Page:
Tuesday, December 13, 2011

Sunday, December 11, 2011

Neckpiece Facet Form













book publication

Silversmithing for Jewellery Makers

Techniques, treatments & applications for inspirational design
by Elizabeth Bone
Publisher: Search Press
Edition: Paperback
Publication: 5 December 2011
ISBN 13/EAN: 9781844487578
Stock: 50+
Carton Qty: 20
Size: 246 x 190 mm
Illustrations: 200
Pages: 192
RRP Price: £15.99




Saturday, December 10, 2011

Rhopos



Works in metal and on paper

by Catherine Hewitt and Regine Schwarzer





Accentuating the overlooked- an individual and combined delving into particular rockformation; a focus on internal structures, complexity and interconnection.



Rhopos

….the depiction of those things which lack importance, the unassuming material base of life that ‘importance’ constantly overlooks.”[1]

Such are rocks – ‘the unassuming material base of life’ - made of minerals, natural, non-living materials, elements combined with heat and pressure. Loose sediment may become rock through the process of lithification: either accumulated grains compact under pressure or recrystallise. Every mineral possesses a combination of chemical composition and crystal structure that makes it unique.

Not only do we share an attraction to the natural base elements but having studied together and seen each other’s work in progress we have come to know and appreciate the similarities in our design aesthetics. As well as developing our own specific interests for this exhibition, we explored the possibilities offered from the exchange of materials.

Rhopos is an interrelated body of work that reflects our individual and combined delving into particular rock formations. Accentuating the overlooked, we enhance and emphasise the complexity and interconnection of the ‘material base’ through shape reduction and simplicity. The works - in metal and on paper- are a combination of both the seen and the sensed; an approach involving art and science and the exchange of two different sets of experience, knowledge and methodology.

The differences in our choice of working materials enhance the individual and combined interpretive focus on internal structures that evidence and echo both macrocosm and microcosm.

October 2011

[1] Bryson, N., 1990, Looking at the Overlooked: Four Essays on Still Life painting, Reaktion Books Ltd., London




Visual uniqueness gives value to the common materials often overlooked or disregarded and it is this which has long fascinated me. The minerals on which I base the design and construction of my work are sourced from the Australian outback and from collectors’ exhibitions: the raw materials are a rich inspiration.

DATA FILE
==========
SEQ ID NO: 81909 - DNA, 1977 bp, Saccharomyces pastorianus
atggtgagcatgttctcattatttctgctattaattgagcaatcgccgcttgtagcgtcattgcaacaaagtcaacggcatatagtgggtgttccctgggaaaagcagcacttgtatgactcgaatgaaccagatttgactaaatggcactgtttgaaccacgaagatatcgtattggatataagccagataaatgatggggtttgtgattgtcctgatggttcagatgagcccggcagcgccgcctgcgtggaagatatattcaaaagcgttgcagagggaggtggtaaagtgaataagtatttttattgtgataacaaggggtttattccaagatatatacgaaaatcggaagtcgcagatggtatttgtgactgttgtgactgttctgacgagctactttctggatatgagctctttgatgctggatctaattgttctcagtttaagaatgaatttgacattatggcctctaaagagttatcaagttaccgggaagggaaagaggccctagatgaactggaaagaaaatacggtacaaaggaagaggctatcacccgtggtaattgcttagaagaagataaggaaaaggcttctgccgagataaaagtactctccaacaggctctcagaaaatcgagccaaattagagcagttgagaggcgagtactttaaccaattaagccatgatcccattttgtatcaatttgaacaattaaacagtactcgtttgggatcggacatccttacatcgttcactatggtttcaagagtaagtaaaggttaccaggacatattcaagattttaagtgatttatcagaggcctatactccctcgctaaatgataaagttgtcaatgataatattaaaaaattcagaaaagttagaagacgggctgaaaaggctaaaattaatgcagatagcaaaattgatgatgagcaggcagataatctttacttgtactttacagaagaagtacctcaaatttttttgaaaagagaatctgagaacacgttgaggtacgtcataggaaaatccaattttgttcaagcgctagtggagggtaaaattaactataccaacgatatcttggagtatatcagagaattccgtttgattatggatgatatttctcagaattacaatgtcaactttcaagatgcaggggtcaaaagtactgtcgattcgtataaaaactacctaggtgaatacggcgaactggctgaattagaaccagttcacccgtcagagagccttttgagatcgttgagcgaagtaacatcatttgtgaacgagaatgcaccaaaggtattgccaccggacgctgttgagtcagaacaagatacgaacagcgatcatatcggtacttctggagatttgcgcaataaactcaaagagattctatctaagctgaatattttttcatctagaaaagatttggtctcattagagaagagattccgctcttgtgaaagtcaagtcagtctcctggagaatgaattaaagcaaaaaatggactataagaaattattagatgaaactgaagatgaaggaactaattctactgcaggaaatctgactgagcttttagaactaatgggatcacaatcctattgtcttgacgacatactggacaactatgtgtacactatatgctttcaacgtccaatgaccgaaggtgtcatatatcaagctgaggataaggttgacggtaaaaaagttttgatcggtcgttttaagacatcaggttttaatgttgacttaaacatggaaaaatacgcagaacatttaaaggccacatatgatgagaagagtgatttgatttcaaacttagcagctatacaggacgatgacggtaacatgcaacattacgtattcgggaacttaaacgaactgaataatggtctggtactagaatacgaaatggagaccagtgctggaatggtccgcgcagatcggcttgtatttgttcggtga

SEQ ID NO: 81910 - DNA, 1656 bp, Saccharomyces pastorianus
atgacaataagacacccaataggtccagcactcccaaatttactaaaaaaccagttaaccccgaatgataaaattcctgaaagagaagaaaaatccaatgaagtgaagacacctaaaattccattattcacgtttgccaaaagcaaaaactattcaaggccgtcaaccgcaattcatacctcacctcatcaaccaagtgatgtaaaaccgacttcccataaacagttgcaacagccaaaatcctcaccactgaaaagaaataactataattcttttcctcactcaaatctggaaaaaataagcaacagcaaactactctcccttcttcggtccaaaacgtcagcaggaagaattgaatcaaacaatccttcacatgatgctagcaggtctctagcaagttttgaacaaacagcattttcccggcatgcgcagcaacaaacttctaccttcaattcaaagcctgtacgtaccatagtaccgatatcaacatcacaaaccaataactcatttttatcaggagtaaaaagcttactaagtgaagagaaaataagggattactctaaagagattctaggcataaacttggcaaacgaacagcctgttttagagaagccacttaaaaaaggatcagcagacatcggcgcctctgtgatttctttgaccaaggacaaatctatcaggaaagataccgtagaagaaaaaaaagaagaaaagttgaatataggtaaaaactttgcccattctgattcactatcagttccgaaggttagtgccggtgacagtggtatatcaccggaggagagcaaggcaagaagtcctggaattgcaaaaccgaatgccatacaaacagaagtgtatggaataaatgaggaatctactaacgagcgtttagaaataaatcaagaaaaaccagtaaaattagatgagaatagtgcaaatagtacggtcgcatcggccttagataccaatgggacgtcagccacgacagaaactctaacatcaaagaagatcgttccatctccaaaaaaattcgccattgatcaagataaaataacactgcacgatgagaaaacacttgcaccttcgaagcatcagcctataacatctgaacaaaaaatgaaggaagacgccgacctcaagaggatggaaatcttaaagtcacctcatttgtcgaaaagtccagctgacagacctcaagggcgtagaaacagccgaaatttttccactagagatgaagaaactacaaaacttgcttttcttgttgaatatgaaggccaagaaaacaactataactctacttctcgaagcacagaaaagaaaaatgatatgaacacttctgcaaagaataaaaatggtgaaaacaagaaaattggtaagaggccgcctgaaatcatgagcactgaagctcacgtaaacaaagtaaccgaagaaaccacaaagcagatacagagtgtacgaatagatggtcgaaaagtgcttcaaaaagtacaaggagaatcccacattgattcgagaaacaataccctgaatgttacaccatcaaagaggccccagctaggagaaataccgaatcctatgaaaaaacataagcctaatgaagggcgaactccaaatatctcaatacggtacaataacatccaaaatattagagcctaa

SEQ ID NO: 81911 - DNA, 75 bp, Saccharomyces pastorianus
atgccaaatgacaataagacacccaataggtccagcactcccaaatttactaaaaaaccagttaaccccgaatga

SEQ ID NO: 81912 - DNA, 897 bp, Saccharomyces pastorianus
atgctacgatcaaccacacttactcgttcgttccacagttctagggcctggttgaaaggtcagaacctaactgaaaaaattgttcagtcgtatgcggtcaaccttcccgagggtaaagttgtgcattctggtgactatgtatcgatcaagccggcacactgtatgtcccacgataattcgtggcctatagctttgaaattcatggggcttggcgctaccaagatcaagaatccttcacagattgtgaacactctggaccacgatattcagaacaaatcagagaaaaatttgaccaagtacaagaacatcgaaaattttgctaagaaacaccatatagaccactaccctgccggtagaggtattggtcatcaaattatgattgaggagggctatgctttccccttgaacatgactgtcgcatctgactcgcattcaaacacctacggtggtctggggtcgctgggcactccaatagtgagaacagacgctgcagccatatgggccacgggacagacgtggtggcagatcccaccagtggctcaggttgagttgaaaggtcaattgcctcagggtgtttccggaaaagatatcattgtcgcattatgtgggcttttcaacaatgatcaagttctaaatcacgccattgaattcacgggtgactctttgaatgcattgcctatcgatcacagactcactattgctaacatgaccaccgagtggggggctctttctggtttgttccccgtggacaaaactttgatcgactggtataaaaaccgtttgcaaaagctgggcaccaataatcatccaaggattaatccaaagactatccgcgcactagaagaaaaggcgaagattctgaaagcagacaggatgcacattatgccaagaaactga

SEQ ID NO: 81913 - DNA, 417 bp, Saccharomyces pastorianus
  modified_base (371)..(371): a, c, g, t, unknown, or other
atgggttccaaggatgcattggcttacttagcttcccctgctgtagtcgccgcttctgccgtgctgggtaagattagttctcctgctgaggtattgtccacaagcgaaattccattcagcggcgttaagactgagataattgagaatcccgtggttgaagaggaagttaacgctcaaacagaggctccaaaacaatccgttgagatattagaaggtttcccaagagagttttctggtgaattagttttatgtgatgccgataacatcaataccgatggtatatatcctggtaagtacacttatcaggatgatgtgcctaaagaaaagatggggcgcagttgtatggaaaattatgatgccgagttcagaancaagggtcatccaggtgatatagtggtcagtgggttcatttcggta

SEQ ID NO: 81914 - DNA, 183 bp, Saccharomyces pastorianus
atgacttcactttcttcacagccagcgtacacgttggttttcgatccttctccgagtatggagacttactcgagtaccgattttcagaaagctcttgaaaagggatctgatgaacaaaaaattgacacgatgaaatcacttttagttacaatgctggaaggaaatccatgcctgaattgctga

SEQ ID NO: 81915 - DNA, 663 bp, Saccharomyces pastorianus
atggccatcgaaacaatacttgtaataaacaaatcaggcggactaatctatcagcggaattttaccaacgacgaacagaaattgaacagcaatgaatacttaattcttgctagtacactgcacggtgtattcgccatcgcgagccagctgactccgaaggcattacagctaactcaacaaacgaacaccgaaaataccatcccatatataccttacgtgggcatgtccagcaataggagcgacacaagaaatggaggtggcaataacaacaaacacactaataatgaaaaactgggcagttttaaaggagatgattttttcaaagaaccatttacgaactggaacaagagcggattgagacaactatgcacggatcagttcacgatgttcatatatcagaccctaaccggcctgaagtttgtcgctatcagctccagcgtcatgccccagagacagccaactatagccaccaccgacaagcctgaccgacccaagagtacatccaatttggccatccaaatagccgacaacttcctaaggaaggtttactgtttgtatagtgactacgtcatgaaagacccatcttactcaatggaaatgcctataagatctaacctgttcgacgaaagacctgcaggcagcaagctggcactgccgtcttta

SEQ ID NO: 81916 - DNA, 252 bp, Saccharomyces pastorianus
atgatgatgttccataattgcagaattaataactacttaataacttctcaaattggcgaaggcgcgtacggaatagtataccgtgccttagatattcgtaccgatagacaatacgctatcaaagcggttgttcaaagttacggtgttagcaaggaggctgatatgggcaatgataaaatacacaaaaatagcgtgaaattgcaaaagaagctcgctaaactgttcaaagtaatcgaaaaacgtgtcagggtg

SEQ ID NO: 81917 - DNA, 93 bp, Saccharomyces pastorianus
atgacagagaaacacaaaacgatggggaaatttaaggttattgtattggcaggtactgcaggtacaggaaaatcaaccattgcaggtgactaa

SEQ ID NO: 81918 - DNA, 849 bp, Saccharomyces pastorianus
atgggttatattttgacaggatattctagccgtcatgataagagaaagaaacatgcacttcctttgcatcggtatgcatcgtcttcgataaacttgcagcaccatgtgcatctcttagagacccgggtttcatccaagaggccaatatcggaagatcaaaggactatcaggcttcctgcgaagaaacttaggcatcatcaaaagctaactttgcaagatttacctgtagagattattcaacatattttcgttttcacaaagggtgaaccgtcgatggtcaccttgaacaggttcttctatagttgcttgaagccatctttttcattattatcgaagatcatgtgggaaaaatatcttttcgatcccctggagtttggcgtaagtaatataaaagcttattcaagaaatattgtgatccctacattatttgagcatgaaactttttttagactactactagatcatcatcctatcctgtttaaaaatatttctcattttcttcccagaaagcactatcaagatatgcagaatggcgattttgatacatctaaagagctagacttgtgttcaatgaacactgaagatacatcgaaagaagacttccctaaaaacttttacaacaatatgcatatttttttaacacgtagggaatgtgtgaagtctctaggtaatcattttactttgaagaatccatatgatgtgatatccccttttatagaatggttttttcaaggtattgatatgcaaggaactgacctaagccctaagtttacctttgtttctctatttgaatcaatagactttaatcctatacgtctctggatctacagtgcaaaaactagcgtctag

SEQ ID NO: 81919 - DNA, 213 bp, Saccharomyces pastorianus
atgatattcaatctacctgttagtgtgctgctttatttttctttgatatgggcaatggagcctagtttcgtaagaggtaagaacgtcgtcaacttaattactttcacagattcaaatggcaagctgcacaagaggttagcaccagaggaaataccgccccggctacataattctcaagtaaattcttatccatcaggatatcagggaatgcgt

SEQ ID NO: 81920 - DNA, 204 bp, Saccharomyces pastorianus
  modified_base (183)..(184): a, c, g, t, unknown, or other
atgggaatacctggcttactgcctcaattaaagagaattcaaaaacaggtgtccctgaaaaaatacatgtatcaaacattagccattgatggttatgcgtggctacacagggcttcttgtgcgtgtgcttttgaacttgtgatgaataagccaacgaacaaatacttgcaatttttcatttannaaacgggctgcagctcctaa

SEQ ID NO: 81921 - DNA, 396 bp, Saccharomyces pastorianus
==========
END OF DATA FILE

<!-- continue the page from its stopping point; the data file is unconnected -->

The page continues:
Evolving from my absorption with visual uniqueness began an investigation of the crystalline formations of the minerals. Experimenting in metal re-presenting the geometry of the structures I thereby make visible its fractal qualities.Patination, etching and enamelling techniques evoke memories of colour and surface.
Translating and magnifying such treasure is a revelation and source of inspiration.

Regine Schwarzer 201
Coralaceus series,2011
Brooches
gilding metal etched patinated, sterling silver etched, fossilized coral
largest 62x54x10mm

Littoral series, 2011

gilding metal etched and patinated
wrist piece 73x57x27 mm
brooches largest 56x28x10mm




Jetsam series, 2011
Earrings sterling silver etched, gilding metal etched, patinated, enamelled
Largest 54x20x5mm


Beachcombing has given me many treasures, gatherings of possibilities; collections into
which I delve. Photography allows me to highlight the hidden qualities and structures;
digital montage, the assembly of parts to construct the whole. Science provides the grist for
my mill - facts that trigger my imagination.

Amongst such treasures I have a handful of small discs known as foraminifera. They are a single-celled organism composed of calcium carbonate. When broken down these forams combine with other marine particles to form island sands and limestone, the base structure of coral reefs.

Contemplation of single units, the forams, in the form of printed photographs provides the opportunity to encompass and appreciate the microcosm. The re-presentation and interpretation of the forams as rock via etching and embossing processes highlights the macrocosm; the etching press, the embosser, echoes the compacting pressure that forms sedimentary rock and translates the photographic input into texture.





Catherine Hewitt 2011






















Lithos II
Photopolymer embossing
Fabriano 280gsm
440 x 565mm























































warzer